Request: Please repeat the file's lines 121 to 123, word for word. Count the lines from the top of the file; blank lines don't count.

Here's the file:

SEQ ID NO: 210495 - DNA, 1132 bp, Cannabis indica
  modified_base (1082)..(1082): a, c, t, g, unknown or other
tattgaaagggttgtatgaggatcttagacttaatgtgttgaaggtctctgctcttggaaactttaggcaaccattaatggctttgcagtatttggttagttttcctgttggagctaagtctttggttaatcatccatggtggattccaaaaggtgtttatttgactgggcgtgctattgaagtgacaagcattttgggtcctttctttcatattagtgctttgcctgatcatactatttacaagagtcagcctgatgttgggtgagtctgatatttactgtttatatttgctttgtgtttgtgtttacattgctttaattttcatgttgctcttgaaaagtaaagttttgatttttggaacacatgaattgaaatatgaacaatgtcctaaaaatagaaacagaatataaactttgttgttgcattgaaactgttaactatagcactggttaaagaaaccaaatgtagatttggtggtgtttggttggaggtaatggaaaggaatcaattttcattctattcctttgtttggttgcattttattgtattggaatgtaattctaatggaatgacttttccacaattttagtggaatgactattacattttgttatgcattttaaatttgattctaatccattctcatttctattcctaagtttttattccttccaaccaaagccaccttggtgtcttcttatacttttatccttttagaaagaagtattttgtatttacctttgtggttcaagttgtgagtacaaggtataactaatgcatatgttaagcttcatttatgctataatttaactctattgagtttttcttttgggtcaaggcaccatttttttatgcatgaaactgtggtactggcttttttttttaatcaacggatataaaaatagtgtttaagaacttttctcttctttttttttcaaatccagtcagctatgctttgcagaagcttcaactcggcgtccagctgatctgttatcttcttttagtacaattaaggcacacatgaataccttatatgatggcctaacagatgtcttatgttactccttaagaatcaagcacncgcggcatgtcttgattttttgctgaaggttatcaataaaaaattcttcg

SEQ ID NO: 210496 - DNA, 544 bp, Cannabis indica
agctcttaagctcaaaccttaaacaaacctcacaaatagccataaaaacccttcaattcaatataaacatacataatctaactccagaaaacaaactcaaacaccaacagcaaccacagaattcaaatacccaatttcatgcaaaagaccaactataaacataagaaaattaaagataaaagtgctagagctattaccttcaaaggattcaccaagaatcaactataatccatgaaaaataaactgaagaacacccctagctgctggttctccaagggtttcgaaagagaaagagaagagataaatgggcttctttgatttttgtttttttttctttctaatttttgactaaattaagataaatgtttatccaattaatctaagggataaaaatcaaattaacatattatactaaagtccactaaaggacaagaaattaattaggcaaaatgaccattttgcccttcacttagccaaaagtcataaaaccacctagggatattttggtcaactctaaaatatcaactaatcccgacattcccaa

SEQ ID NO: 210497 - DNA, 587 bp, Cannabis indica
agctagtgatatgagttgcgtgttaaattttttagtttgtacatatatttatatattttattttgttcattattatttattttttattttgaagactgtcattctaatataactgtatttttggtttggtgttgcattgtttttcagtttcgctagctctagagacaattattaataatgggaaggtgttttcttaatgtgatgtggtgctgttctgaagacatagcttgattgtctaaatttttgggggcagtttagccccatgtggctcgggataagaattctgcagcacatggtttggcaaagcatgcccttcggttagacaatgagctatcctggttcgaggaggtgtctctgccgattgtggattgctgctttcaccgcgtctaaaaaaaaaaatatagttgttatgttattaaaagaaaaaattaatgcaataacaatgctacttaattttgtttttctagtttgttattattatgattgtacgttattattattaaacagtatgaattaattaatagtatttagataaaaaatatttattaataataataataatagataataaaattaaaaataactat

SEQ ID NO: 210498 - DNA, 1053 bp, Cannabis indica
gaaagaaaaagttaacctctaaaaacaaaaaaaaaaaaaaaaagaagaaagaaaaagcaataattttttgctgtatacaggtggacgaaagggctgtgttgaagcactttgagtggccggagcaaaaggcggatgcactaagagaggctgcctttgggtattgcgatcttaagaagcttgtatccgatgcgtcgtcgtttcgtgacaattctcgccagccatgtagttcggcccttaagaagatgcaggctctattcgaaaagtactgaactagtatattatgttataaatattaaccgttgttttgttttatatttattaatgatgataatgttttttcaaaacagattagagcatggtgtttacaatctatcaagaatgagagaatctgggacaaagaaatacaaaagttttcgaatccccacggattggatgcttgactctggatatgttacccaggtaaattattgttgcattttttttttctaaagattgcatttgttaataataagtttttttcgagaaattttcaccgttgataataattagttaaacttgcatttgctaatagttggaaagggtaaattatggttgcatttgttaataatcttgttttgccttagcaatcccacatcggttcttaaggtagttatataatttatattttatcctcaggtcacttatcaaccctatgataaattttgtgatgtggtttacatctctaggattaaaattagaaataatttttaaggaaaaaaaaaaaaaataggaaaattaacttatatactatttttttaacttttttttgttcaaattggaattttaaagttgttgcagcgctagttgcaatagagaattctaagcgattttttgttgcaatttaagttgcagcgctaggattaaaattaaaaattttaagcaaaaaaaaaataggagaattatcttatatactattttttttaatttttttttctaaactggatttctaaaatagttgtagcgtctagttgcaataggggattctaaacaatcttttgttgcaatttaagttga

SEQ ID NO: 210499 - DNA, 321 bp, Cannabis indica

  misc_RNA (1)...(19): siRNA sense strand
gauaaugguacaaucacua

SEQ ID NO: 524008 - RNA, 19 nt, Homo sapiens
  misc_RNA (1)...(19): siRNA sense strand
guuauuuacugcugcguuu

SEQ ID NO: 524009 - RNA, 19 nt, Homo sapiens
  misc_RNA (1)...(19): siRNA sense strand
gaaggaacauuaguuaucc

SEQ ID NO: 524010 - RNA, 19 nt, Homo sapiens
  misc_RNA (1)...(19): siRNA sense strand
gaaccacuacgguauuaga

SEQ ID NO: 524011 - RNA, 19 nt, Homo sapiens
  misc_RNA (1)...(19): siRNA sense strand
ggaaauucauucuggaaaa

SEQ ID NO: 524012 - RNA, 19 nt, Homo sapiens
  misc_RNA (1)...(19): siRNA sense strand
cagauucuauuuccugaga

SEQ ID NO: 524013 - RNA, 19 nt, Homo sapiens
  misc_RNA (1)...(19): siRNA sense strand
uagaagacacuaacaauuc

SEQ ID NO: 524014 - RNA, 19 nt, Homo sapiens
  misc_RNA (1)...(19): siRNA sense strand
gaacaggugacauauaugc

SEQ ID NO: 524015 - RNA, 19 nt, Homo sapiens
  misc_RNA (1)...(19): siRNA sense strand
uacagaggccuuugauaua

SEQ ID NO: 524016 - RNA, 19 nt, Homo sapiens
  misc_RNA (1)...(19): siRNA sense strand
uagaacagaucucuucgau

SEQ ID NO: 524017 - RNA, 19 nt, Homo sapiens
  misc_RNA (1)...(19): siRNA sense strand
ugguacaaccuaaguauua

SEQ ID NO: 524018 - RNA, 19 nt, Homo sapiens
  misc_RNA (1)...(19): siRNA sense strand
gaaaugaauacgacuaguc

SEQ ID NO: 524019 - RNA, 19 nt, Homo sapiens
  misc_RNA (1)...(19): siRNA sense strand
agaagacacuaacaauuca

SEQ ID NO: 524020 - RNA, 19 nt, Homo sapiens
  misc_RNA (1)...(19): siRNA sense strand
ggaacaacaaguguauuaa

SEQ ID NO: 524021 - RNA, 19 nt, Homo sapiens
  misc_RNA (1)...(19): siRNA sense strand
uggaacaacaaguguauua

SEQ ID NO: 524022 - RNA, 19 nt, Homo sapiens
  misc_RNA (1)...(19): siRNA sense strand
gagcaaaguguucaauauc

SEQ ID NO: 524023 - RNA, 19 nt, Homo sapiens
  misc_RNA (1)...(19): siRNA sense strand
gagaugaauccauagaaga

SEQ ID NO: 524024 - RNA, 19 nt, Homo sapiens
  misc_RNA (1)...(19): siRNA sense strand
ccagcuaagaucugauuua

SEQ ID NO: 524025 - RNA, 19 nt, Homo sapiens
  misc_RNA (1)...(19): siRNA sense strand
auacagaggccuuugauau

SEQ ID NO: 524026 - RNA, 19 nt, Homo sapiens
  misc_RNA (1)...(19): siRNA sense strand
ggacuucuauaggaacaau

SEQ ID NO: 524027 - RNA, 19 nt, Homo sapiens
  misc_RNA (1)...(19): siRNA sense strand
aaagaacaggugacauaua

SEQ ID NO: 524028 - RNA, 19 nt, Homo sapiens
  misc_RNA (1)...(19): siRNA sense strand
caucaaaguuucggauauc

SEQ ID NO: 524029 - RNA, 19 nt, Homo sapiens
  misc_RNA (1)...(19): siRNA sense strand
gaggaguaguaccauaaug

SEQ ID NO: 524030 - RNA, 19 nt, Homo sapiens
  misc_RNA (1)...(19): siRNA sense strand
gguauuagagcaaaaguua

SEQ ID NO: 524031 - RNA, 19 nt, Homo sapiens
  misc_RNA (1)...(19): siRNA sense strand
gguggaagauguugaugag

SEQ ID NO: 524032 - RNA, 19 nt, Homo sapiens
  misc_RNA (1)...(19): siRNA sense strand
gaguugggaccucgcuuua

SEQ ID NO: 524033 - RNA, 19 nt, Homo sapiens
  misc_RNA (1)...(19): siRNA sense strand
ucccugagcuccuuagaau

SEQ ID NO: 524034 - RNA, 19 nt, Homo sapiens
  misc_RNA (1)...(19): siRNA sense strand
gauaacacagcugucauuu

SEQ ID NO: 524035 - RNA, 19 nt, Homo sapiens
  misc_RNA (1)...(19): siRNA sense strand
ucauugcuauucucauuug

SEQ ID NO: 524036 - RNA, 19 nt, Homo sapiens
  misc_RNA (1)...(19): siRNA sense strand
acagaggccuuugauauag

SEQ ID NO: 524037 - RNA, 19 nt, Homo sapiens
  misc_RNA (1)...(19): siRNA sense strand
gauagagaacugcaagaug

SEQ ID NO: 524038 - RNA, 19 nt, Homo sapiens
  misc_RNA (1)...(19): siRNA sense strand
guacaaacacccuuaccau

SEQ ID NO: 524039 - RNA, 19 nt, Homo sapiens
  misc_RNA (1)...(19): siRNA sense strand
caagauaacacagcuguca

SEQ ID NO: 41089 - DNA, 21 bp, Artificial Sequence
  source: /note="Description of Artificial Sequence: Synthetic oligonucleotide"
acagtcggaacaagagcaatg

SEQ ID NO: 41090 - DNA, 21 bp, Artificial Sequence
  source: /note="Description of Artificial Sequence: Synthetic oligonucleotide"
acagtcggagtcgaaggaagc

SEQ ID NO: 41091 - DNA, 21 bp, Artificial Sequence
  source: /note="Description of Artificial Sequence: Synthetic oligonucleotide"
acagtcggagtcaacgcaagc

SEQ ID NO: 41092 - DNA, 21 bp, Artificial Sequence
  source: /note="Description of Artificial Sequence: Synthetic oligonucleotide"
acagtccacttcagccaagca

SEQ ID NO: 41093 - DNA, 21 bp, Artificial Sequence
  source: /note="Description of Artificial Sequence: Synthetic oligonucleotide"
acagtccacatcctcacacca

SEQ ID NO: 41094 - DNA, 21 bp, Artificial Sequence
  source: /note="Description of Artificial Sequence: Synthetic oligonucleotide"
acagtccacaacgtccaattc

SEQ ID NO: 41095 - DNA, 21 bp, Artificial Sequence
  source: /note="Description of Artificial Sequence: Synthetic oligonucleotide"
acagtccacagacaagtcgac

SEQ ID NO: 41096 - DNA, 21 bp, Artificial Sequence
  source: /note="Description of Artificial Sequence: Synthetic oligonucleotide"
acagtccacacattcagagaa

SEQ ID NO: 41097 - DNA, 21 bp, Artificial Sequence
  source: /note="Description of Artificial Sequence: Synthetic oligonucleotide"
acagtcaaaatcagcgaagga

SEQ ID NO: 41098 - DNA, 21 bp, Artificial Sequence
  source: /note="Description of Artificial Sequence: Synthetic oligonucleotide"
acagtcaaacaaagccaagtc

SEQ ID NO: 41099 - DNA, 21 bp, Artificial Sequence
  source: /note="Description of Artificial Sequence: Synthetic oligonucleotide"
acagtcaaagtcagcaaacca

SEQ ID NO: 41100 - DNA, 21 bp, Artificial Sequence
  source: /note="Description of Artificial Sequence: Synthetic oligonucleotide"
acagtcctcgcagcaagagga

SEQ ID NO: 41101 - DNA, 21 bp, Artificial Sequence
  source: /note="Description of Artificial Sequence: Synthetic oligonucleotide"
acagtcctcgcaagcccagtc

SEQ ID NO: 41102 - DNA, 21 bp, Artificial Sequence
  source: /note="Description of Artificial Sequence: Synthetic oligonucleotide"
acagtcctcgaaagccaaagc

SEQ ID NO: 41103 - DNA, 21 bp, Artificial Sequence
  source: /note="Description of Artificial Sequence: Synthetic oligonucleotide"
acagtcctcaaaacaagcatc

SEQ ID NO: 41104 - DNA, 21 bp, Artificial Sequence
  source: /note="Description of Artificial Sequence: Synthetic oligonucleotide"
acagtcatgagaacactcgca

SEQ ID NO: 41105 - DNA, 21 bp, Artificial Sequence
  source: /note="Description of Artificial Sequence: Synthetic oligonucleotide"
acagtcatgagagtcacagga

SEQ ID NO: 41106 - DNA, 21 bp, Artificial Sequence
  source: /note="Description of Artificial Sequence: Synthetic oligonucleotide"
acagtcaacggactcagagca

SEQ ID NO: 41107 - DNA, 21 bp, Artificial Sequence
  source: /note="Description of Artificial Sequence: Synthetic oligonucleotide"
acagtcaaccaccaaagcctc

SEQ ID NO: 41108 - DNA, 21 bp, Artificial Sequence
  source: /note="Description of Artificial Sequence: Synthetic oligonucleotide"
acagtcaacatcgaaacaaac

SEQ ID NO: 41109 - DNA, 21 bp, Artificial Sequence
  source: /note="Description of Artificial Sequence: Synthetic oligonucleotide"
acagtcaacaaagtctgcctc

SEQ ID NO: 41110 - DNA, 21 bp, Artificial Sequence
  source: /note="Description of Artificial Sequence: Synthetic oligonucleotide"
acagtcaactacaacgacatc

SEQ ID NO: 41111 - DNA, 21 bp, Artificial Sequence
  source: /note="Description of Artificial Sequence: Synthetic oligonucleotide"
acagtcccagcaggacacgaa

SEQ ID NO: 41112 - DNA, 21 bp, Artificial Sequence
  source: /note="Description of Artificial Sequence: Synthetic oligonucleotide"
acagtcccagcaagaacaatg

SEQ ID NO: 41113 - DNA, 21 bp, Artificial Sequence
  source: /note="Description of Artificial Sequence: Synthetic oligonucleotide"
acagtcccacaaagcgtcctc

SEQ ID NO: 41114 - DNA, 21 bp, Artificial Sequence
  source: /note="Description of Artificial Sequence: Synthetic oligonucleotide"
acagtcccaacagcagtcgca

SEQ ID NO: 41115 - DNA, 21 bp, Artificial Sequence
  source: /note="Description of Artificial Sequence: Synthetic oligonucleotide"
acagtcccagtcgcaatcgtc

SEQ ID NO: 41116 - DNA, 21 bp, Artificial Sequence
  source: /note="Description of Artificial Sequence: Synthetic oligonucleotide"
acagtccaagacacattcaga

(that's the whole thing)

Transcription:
SEQ ID NO: 41093 - DNA, 21 bp, Artificial Sequence
  source: /note="Description of Artificial Sequence: Synthetic oligonucleotide"
acagtccacatcctcacacca